My own experience with the Pinto was from my friend, Kevin, who inherited his from his brother Charlie. It was a black number that Kevin had outfitted with shag carpet (courtesy of our friend Dave, who now runs his father’s carpet business) and a T-handle stick shift to go with the killer stereo. The stick shift knob was an easy and inexpensive way to customize a car, as I’m sure it is today. Another friend, Larry, had a Hamms Beer tap stick shift knob in his car. I bought a classy VW knob for my 1966 Beetle to go with the stereo, carpet and European taillight covers. The knob, the stereo and the light covers were stolen while I was at psychology class at the junior college. The thieves left the carpet.

Whatever you might think of the Pinto now, for Kevin it complimented his already sizzling status with the ladies, something I could never match. I remember a lot of rides in that car, a couple times to Anaheim Stadium, once to Hollywood and once when we ditched school and went to the beach. For Kevin I’m sure the memories are even fonder, involving company that was not me or Dave.

For that reason while everyone else in America might have been chuckling at the Pinto’s descent into infamy, I was kind of saddened by it. To see one again today was kind of life affirming.

Should I see it out on the road, though, I’ll give it plenty of distance.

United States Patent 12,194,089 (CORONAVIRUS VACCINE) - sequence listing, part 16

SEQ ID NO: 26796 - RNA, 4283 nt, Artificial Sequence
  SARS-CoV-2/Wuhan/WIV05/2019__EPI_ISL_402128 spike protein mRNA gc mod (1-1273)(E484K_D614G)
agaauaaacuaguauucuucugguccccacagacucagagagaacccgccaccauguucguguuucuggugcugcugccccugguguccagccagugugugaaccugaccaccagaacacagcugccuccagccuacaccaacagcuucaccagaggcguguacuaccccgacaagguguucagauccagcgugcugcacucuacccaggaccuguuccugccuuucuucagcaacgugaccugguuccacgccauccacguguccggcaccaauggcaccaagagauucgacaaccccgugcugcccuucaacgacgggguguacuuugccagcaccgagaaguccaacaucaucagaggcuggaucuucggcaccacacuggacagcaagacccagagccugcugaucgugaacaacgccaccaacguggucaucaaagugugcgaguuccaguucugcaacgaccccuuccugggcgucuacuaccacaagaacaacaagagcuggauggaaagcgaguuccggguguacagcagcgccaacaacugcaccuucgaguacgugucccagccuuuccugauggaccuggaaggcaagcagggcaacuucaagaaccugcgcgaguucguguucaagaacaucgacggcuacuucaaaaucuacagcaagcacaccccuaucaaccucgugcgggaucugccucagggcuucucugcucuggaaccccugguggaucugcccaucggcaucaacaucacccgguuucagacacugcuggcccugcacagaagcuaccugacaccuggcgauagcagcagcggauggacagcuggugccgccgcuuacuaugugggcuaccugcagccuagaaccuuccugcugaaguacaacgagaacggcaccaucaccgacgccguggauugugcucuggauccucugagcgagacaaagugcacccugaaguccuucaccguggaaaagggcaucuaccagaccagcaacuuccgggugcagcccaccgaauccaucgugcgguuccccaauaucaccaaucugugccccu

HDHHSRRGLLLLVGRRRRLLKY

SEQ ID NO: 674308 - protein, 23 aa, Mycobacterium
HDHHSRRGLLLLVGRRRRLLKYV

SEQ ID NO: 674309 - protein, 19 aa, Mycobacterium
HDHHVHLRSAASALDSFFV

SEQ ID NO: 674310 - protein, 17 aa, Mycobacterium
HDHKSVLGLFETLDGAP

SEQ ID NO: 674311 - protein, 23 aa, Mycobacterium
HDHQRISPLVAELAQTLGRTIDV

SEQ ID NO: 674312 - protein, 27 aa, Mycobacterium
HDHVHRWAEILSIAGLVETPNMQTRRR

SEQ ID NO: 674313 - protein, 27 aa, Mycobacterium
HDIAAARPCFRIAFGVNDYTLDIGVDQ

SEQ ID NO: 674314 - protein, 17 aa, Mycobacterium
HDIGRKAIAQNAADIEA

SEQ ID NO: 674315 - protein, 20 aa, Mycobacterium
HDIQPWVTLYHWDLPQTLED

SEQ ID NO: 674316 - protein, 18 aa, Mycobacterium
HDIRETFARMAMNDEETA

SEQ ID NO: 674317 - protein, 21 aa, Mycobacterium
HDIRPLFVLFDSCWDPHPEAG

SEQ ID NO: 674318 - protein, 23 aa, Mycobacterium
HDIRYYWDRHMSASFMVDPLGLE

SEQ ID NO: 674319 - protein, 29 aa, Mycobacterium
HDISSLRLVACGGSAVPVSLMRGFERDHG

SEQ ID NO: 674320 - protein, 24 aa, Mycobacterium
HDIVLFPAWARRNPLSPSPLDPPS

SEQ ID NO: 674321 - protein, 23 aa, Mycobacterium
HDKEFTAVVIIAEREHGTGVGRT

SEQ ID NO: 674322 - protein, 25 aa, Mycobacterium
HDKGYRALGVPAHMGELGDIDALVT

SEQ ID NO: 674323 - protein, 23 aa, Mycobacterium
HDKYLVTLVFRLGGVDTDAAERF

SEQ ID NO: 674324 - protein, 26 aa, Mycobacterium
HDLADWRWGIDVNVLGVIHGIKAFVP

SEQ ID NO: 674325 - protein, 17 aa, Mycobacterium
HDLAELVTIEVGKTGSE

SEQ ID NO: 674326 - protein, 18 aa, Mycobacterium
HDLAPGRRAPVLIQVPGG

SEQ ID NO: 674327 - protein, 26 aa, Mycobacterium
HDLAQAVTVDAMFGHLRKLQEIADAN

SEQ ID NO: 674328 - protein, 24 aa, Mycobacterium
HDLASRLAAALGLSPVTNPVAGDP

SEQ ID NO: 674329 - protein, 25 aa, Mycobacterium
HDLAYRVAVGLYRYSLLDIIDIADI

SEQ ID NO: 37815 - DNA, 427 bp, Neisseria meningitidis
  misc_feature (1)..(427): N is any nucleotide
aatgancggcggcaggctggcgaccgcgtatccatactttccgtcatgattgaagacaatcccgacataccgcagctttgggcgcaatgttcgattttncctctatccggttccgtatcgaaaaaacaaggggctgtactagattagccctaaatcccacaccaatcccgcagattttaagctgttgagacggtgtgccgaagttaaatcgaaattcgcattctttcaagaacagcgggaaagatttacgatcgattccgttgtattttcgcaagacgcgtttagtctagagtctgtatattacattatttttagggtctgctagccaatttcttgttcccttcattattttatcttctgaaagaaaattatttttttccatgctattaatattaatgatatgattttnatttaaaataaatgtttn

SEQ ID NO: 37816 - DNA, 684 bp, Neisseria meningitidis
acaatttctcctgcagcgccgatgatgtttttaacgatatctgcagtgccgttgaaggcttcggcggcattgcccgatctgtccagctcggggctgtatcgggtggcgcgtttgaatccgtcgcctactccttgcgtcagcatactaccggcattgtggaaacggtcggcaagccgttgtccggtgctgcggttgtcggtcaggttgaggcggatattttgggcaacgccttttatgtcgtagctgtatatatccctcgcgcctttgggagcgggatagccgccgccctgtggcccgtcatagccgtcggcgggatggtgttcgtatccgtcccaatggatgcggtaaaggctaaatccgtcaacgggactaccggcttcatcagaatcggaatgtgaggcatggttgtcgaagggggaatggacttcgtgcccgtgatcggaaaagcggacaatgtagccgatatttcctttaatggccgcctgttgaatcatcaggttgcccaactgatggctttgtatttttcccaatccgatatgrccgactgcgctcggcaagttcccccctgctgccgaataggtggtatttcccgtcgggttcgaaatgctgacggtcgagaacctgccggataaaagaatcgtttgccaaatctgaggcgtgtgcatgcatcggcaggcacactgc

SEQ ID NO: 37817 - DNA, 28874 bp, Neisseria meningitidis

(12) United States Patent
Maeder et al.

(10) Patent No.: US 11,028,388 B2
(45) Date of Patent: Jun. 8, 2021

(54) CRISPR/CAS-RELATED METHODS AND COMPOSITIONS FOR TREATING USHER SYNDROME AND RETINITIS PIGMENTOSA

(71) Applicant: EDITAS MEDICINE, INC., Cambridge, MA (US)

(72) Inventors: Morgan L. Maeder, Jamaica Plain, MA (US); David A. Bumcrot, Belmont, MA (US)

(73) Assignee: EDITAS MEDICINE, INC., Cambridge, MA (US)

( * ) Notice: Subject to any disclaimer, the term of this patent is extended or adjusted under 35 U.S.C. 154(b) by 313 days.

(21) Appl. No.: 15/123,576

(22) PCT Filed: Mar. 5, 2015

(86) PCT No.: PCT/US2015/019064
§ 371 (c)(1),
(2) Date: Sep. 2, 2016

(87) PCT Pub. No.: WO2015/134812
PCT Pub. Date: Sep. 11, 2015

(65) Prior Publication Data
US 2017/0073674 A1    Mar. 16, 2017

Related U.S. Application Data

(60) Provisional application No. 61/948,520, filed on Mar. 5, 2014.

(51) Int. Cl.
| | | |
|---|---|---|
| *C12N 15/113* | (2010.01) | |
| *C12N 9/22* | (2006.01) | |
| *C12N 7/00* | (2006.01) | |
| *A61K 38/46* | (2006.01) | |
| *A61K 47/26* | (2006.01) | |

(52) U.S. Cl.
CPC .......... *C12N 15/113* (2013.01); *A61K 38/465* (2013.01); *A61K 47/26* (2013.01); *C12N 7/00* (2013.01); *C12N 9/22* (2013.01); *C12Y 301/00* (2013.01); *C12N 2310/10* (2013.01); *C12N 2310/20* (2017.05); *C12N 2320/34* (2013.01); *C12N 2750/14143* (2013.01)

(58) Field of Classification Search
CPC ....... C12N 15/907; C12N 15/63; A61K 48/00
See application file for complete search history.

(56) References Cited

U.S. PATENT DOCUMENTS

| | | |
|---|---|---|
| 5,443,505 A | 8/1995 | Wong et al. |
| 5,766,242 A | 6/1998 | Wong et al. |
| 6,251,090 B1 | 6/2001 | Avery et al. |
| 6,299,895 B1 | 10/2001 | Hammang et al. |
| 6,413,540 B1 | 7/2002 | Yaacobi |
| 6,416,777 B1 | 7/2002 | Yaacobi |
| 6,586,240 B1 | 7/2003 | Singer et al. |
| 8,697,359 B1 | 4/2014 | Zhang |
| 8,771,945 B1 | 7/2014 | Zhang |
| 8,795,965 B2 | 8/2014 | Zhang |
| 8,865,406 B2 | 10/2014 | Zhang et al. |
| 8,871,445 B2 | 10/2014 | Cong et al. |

A Vet’s Perspective

In preparation for Thursday’s Veterans’ Day story on Thuong Kien “T.K.” Mac, I contacted Bainbridge Island’s Frederick Scheffler, who served in Vietnam and is currently the adjutant at the island’s Colin Hyde Post 172 of the American Legion.

Mac, a former Vietnamese refugee, wrote in gratitude to soldiers who served in the Vietnam War on our “Your News” site.

Scheffler’s response did not get to me on time for the story, but I wanted to post it here.

I served with the Vietnamese in the Mekong Delta. Reading this man’s account brings back memories of the young Vietnamese soldiers that we recruited and trained. They all had one thing in common and that was a fierce determination to see their country become what they thought America was. America was a beacon and inspired semi-literate farmers to risk death by participating in the national elections in 1967. The vote was something that was precious to them and they were willing to risk the wrath of the local Viet Cong by voting. They were an example that I will never forget. His story is one that has been lived by thousands of Vietnamese who risked everything to come to this country and make a new life. They have demonstrated their dedication to living the American dream and have excelled. When we left Vietnam in 1975 we left a lot of good people. When the North Vietnamese invaded the South in 1975 these people who had been our friends and comrades paid a heavy price.

The Vietnam War was the coming of age for a generation of young Americans. The world has turned many times and Vietnam has changed from when we went there. It has evolved and gone through some terrible growing pains. Although I fought in that war and lost friends, the war we fought was not against the Vietnamese people. My memories of them is not framed by those we fought but rather by the noncombatants, the children are especially memorable . I have a picture on my wall of 20 of them that we brought medical attention to in a small village on a Mekong tributary. Those are the memories of Vietnam that I hold dear. This man’s perseverance and what he has achieved speaks volumes. I wish him and those who made it to the States welcome and remember those who did not in my prayers.